Almost a week after the Iran’s Ministry of Intelligence announced its agents abducted a dissident and took him back to Iran, the family of the detainee still has no news about him.
In an exclusive interview with Radio Farda Mr. Jamsjid Sharmahd's daughter says her father has Parkinson's disease and needs medical help. She also said the family wants to pursue the case to see if any other governments had a role in her father's abduction.
On July 31, the Islamic Republic's Ministry of Intelligence announced in an official statement that it had arrested Mr. Sharmahd "following a complex operation."
The head of the fearsome Islamic Revolution Guards Corps' (IRGC) Intelligence Organization, Hossein Ta'ib,, called Mr. Sharmahd's detention, "a sign of the authority and strength of the Iranian intelligence community."
Despite this IRGC comment, Iran's Ministry of Intelligence claimed full credit for the abduction, announcing that the man responsible for the Tondar group was under its custody in Iran.
Sixty-five-year-old Jamshid Sharmahd is accused of being the leader of an exiled dissident group, Tondar (Persian for Thunder), that aims to overthrow the clergy-dominated regime and replace it with monarchy. The goverment has accused the monarchist group of planting a bomb in Shiraz, south Iran in 2008 killing fourteen people and wounded 215.
Sharmahd's family says he was in charge of the Tondar group's media activities had nothing to do with the explosion.
Speaking to Radio Farda, Sharmahd's daughter, Ghazaleh, says that his father was merely serving as a journalist, and has never ordered any killing. She also referred to some reports, saying that "other countries" have cooperated with the Islamic Republic intelligence services to abduct her father.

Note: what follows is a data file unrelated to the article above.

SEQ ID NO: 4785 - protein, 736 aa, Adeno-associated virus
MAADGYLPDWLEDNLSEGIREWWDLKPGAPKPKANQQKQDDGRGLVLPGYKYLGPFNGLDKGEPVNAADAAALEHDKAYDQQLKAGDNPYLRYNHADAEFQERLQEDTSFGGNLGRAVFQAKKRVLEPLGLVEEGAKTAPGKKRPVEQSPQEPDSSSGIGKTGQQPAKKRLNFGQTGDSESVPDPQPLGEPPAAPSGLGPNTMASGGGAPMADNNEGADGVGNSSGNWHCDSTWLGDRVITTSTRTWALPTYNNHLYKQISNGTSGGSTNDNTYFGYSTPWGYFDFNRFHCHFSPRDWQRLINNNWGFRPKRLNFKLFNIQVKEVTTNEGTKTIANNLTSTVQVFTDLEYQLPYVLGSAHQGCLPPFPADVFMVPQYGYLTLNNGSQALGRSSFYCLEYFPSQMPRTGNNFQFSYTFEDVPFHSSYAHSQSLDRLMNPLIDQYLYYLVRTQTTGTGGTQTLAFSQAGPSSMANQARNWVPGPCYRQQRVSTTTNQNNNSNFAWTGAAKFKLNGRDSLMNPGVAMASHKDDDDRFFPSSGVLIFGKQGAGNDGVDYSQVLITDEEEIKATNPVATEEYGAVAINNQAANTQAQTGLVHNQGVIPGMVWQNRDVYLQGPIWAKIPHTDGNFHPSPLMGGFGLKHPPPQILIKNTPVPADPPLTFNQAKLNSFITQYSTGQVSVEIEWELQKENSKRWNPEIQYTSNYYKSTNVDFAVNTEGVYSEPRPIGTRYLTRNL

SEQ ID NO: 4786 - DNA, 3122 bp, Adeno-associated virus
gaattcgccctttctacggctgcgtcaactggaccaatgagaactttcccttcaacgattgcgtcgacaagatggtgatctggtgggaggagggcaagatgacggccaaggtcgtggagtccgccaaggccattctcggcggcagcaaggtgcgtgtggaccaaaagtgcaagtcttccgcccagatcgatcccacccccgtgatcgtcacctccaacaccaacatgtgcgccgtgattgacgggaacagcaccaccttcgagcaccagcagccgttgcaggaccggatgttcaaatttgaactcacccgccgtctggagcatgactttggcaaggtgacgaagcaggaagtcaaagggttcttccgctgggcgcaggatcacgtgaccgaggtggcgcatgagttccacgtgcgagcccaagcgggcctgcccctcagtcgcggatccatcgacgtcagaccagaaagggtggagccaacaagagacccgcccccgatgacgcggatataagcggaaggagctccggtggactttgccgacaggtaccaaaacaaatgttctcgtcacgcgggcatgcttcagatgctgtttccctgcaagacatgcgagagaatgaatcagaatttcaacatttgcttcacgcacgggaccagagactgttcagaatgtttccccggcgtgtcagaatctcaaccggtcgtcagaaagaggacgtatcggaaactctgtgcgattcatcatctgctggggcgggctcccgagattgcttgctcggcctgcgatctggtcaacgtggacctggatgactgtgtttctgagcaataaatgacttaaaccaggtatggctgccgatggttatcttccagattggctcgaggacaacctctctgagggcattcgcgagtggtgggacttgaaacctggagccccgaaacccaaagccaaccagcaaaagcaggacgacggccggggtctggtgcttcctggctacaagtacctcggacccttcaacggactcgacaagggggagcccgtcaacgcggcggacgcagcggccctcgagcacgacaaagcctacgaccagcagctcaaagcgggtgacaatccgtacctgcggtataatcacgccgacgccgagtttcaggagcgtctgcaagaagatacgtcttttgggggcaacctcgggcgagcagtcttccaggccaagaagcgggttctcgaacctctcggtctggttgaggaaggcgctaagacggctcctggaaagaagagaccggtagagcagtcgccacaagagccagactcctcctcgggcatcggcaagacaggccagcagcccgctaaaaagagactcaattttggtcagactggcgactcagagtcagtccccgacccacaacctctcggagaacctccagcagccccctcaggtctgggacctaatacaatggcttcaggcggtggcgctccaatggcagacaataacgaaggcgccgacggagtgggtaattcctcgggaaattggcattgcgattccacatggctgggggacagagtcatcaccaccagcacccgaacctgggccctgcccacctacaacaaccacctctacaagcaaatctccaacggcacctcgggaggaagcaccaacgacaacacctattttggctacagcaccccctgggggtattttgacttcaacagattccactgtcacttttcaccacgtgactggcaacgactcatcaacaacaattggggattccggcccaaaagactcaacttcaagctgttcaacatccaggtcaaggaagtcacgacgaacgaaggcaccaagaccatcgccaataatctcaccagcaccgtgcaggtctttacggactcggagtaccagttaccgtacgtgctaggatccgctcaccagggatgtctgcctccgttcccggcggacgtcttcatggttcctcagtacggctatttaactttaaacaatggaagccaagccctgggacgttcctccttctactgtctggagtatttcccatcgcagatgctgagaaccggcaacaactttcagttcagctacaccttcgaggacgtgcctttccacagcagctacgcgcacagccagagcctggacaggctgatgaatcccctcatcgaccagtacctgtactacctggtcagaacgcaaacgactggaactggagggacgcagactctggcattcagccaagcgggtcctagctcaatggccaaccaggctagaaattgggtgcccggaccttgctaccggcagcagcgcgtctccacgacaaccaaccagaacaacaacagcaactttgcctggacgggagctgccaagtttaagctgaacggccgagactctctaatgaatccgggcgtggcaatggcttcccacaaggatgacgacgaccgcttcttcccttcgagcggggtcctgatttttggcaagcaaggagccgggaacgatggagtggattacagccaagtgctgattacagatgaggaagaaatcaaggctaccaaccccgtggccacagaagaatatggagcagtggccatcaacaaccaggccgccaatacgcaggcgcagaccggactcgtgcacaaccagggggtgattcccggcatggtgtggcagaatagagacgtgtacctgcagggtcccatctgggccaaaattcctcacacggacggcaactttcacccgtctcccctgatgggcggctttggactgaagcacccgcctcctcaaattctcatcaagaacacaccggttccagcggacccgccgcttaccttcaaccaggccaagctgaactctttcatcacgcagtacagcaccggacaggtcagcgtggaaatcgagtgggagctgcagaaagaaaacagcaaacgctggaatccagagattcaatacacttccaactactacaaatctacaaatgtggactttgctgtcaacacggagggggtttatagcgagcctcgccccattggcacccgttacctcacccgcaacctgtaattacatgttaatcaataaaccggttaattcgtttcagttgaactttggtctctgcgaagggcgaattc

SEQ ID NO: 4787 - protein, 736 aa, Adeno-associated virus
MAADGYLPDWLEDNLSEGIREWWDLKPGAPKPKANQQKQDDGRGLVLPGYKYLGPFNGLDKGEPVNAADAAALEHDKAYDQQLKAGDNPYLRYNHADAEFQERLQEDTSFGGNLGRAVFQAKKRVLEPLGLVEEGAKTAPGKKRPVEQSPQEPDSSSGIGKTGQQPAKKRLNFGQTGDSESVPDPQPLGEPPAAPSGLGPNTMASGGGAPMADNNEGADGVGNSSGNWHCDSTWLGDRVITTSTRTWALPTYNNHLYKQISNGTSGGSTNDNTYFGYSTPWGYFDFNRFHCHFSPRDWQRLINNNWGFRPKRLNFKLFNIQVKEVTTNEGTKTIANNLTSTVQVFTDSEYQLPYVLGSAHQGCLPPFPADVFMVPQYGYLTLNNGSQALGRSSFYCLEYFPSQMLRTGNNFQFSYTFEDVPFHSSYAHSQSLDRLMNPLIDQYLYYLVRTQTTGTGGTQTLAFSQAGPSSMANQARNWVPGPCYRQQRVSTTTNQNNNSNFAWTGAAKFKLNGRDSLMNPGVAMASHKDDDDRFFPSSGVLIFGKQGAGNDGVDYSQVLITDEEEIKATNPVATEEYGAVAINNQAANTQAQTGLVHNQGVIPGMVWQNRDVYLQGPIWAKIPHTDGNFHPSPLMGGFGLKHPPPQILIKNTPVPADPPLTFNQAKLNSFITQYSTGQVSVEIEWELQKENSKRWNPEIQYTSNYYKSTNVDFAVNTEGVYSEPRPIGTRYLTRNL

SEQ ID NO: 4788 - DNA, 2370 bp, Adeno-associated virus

"If true," Ghazaleh Sharmahd says, "the countries involved in kidnapping my father will be held responsible."
According to Ms. Sharmahd, the German embassy in Tehran has been trying to meet her father but has failed.
In Tehran, the German embassy has even failed to provide my father with his much-needed medicine, Ghazaleh laments, adding, "Without his medicine, my father will not be able to talk, move, or sometimes even to breathe."
Meanwhile, according to Ms. Sharmahd, the German embassy has offered a list of its trusted attorneys to defend the pro-monarchy group's abducted media leader.
Moreover, Ghazaleh Sharmahd reveals for the first time that there was an attempt in 2009 against her father's life.
"Since then, my father has always been careful not to go into the details of his activities. He was careful not to involve others in his struggle for liberating Iran," Ghazaleh told Radio Farda, adding, "We only knew that my father, like many others, was struggling to liberate Iran and Iranians."
Due to the coronavirus outbreak, Sharmahd was forced to travel to Dubai to find a connection flight to India.
"While in Dubai, he told us that we could follow him through Google tracker. We had no direct connection with him. But Google tracker showed that he, or only his cellphone, was taken to Oman. We received a message from him, or somebody else from Oman. Then, we lost his tracks," Ghazaleh Sharmehd says.
Sharmahd is not the only dissident claimed to be abducted and taken back to Iran. As recently as last October, the Islamic Revolution Guards Corps' intelligence organization claimed that its agents had lured a Paris-based dissident, Ruhollah Zam, to travel to Iraq and arrested him there.
An Islamic Revolutionary Court condemned Zam to death, late last June.
Zam has appealed against the ruling.